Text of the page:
On a muggy day at the end of June 2012, heading into the July 4th holiday weekend, the offices of Montgomery Parks Silver Spring Parkside headquarters in Montgomery County, Maryland, were emptying out. Staff was gearing up for weekend getaways, picnics, and some much-needed down time. And then a derecho, a widespread, long-lived, straight-line windstorm that is associated with a fast-moving band of severe thunderstorms, rolled in.
With warm, forceful winds gusting between 60 and 80 miles per hour, this storm—like none other the Washington, D.C., region has ever experienced—hit with a sudden wave of destruction. It knocked out power to more than one million electricity users. Five hundred of some 800 traffic signals in the county went dark. Hundreds of trees came down on power lines, cars, rooftops, and more. Damage across Montgomery Parks’ 416 parks, spanning 35,000 acres of parkland, was extensive.
Trees were strewn (more than 200 lost and many more damaged) throughout our system, one crushing the roof of an event venue reserved for a wedding that evening. Ice at our skating rinks was melted. Trails throughout our system were devastated, many inaccessible for days and even weeks. Picnic shelters were destroyed.
While we had an emergency action plan ready, we found ourselves facing a unique situation with the derecho. In addition to the extensive damage caused by the storm, the region was struck with a severe heat advisory that continued for four days after the storm moved out. Temperatures soared above 100 degrees. Power crews were not prepared for the extent of the circumstances. It took 10 days before all residents in the county had electricity restored.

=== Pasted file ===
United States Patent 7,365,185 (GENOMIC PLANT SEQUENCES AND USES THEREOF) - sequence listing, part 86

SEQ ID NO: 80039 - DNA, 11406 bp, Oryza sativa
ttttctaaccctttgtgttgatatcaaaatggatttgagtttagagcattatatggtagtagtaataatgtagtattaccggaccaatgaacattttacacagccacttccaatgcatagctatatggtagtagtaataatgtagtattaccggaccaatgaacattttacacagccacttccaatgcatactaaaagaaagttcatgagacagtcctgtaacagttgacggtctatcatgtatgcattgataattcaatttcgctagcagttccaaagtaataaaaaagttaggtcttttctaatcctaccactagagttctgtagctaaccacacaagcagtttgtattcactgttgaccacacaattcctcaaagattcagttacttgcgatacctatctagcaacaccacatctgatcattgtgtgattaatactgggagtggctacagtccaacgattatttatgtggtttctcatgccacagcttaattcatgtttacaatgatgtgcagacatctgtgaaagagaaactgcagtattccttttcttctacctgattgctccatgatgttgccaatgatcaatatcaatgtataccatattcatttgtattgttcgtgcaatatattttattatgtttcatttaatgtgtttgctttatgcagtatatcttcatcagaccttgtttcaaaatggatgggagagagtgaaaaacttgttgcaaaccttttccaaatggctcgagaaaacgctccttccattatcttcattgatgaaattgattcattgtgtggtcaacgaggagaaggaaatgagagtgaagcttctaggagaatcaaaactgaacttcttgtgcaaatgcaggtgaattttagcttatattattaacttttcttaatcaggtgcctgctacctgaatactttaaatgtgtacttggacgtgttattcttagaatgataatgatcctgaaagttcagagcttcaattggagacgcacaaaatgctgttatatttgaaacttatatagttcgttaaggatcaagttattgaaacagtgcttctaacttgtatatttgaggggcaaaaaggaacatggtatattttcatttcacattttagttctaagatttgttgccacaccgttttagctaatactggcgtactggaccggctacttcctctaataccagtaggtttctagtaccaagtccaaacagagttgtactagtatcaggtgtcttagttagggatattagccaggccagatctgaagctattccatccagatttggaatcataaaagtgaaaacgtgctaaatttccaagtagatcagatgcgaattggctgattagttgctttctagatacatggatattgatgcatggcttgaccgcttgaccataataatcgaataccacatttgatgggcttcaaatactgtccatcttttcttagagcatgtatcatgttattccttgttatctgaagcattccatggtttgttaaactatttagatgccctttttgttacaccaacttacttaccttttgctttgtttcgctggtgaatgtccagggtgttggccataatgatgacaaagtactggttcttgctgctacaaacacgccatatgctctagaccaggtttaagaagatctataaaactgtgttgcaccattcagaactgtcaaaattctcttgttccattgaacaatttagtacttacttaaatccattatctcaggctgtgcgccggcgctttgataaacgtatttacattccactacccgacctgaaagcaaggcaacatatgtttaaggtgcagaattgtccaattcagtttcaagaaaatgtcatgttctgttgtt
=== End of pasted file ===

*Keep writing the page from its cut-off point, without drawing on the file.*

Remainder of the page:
The storm is now a little more than three months behind us, and while clean-ups are still underway and may continue through the end of the year at some locations, much of the severe damage and destruction has been taken care of thanks to the unparalleled dedication of our staff, who have put in more than 10,000 work hours (to date) to address more than 1,100 work orders.
This crisis, similar to others we have encountered in the not-too-distant past (Snowmageddon 2010 and a leak at Lake Needwood Dam), has afforded us with new experiences and valuable lessons learned which we can draw from for future situations.
“It Takes a Village”
While we knew we’d need all hands on deck for this crisis, what we realized rather quickly was that we needed to designate damage assessment leaders and to create a set of criteria for the assessments (physical damage, power issues, safety issues, etc.). It was also important to determine who would receive and process this information, and how we would prioritize restoration and clean-up efforts.
Create a Command Center
Establishing an emergency operations center (whether this is a virtual center, a physical location, or some combination of the two) provides a central hub where work orders can be submitted, prioritized, and assigned.
Highlight the Positive
Crisis situations drain energy and morale. Team leaders need to regularly praise frontline responders to let them know their time and the hard work that is being done in difficult circumstances is of the utmost importance and much appreciated.
Extenuating circumstances often require rules be broken and guidelines bent. Purchasing procedures may need to be relaxed so that necessary resources can be accessed. Staff may need to be reassigned to address areas of urgent need.
Keep Communication Lines Open and Updated
Determine your communication methodology (web, conference calls, land lines, cellular lines, work order systems) and clearly define who will handle updating these different channels. Frequent updates should be provided to staff, the public, and elected and appointed officials so that everyone affected is informed.
Mike Rileyis Deputy Director of Montgomery Parks, which is part of the Maryland-National Capital Park and Planning Commission. Riley is a registered professional engineer with 27 years of experience in park management (firstname.lastname@example.org).